My Homework Policy
For Fourth graders, I would develop a homework policy that gives the child’s homework every day. The fourth graders are aggressive and self motivated to work assignments every day. The homework should be handwritten. Most importantly, the policy will be explained to the parents and students in a special school meeting. Also, the students would be explained on the policy in the classroom and given newsletters to give their parents with the policy description. The homework will be usually marked at the start of the class lessons. Any children who will not have completed the assignments and will not turn in their work would be helped by the teacher. The teacher would conduct a discussion for the students who fail to turn in their work. At the end of the classroom, I will be writing an assignment on the board. All children are required to write the assignments in their exercises. The teacher will ask questions relating to the content of the homework policy to test the student’s understanding of his expectations. The students will receive their graded homework after 2 days of submission during one of the class sessions. This will allow for making any corrections to the already graded homework.
Justification of Policy
In case of any illustration, the fourth graders are expected to color and draw the illustrations clearly. The two scholars Anderman et. al. (2011) and Alderman (2013) supports the homework policy in the scenario. According to Anderman etl al. (2011), the homework policy in scenario, one is appropriate for the fourth graders. The homework policy is appropriate for fourth grade students as it enhances the planning of instructions supporting the active engagements of the fourth graders. This also enhances the effective delivery of instructions by the teacher. As seen in the homework policy, the teacher uses the whiteboard and verbal instructions to communicate the homework policy to the fourth graders. This shows her efforts in enhancing the active engagements of the fourth graders (Anderman et al., 2011). Therefore, the homework policy can reflect the teacher’s desire to teach the fourth graders.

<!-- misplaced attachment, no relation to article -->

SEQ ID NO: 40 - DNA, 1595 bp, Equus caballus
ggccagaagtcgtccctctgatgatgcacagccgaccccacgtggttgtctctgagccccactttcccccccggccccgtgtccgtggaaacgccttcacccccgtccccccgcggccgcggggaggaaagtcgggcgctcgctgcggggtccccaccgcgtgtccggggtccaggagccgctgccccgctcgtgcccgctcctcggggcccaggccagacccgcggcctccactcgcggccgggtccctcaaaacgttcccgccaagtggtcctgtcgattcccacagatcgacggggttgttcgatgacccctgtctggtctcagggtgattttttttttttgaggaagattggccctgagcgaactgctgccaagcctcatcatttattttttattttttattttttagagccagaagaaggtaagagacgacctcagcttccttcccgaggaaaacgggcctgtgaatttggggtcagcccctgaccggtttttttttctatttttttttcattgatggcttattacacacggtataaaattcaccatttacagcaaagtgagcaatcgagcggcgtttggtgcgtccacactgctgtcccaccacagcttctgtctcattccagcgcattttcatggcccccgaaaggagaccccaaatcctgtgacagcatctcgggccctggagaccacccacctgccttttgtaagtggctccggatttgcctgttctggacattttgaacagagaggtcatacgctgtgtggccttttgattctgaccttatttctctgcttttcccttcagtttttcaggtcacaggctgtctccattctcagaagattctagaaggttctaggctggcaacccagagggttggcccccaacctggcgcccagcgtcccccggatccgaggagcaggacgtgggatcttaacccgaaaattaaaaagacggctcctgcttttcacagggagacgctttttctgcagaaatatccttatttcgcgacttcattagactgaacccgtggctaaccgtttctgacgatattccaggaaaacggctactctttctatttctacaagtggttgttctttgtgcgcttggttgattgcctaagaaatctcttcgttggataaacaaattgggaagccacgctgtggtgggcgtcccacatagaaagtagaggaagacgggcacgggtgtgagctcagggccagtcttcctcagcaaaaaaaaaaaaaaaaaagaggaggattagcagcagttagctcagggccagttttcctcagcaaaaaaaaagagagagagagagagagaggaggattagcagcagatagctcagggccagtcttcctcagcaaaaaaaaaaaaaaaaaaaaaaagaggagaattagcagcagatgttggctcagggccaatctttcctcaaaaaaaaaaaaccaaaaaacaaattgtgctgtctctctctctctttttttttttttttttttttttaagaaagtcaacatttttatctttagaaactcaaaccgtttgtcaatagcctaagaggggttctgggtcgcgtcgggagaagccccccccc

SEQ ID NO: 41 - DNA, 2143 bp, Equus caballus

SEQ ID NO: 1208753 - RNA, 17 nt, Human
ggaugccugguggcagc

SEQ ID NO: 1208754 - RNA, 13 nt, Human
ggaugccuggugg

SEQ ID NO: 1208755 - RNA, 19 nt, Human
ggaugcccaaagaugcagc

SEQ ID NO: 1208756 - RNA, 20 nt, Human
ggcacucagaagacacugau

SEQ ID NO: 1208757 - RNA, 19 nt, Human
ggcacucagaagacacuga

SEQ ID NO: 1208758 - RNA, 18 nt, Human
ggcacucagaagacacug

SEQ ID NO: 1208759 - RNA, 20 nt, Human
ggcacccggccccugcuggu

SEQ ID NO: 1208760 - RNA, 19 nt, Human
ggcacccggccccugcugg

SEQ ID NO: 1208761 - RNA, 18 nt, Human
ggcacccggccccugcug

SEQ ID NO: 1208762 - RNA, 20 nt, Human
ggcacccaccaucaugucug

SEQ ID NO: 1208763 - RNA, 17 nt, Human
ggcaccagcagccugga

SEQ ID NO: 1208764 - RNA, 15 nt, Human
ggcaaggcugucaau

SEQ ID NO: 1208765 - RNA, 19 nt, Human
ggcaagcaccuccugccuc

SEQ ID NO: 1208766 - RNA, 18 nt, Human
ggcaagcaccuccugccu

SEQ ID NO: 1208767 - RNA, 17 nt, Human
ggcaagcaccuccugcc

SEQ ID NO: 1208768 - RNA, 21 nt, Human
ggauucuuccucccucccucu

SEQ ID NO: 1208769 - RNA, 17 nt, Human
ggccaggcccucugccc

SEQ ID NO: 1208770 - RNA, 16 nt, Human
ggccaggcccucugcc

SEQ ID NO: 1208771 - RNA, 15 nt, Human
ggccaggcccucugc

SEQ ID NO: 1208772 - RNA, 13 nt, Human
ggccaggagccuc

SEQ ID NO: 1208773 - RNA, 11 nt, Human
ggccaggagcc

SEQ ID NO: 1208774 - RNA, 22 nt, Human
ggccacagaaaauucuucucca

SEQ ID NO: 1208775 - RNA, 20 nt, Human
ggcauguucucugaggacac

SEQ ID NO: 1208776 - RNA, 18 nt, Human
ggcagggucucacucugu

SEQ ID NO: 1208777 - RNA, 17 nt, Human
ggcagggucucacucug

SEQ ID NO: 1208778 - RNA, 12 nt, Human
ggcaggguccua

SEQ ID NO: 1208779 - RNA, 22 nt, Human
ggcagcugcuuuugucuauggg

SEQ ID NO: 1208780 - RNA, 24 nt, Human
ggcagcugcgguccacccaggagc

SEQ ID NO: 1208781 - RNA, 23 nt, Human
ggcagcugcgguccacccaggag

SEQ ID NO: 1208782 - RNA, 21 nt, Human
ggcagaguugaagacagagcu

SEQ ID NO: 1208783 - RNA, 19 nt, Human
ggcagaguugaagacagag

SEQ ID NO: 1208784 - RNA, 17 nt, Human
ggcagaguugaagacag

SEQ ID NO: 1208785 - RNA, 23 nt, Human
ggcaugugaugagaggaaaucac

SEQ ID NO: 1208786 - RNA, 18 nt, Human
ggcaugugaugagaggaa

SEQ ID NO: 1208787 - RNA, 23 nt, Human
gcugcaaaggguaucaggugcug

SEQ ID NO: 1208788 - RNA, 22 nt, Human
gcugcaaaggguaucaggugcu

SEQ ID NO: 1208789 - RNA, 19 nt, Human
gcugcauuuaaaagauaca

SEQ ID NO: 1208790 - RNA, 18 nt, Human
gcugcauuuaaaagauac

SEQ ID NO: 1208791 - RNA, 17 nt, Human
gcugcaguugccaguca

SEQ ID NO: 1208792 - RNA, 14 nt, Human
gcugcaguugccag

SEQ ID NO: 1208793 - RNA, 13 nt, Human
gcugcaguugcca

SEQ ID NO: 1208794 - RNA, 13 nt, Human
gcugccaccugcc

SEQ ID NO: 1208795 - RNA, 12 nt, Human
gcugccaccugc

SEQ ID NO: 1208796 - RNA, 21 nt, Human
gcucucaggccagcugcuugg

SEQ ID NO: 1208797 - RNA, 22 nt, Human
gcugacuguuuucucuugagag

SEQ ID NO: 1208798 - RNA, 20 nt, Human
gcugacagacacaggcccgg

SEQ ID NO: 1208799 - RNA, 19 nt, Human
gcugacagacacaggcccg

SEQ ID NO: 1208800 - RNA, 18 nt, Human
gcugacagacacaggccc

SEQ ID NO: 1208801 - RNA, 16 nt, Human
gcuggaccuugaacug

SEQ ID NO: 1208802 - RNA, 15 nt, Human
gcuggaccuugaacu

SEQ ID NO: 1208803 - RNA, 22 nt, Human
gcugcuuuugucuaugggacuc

- Alderman, M. K. (2013). Motivation for achievement: Possibilities for teaching and learning. London, UK: Routledge. This source supports the interaction of the students with the teacher during the correction of graded assignments. It also emphasizes on the need of helping the students unable to turn in the assignments through group class discussion.
- Anderman, L. H., Andrzejewski, C. E., & Allen, J. (2011). How do teachers support fourth graders’ motivation and learning in their classrooms. Teachers College Record, 113(5), 969-1003. Second, it supports the effective communication in the classrroms and with parents. It suggests that it crucial to involve the parents on the students’ progress. This improves the nature of teacher/student and teacher/parent relationship.
Alderman, M. K. (2013). Motivation for achievement: Possibilities for teaching and learning. London, UK: Routledge.
Anderman, L. H., Andrzejewski, C. E., & Allen, J. (2011). How do teachers support fourth graders’ motivation and learning in their classrooms. Teachers College Record, 113(5), 969-1003.
Parker, P. D., Martin, A. J., Colmar, S., & Liem, G. A. (2012). Teachers’ workplace well-being: Exploring a process model of goal orientation, coping behavior, engagement, and burnout. Teaching and Teacher Education, 28(4), 503-513.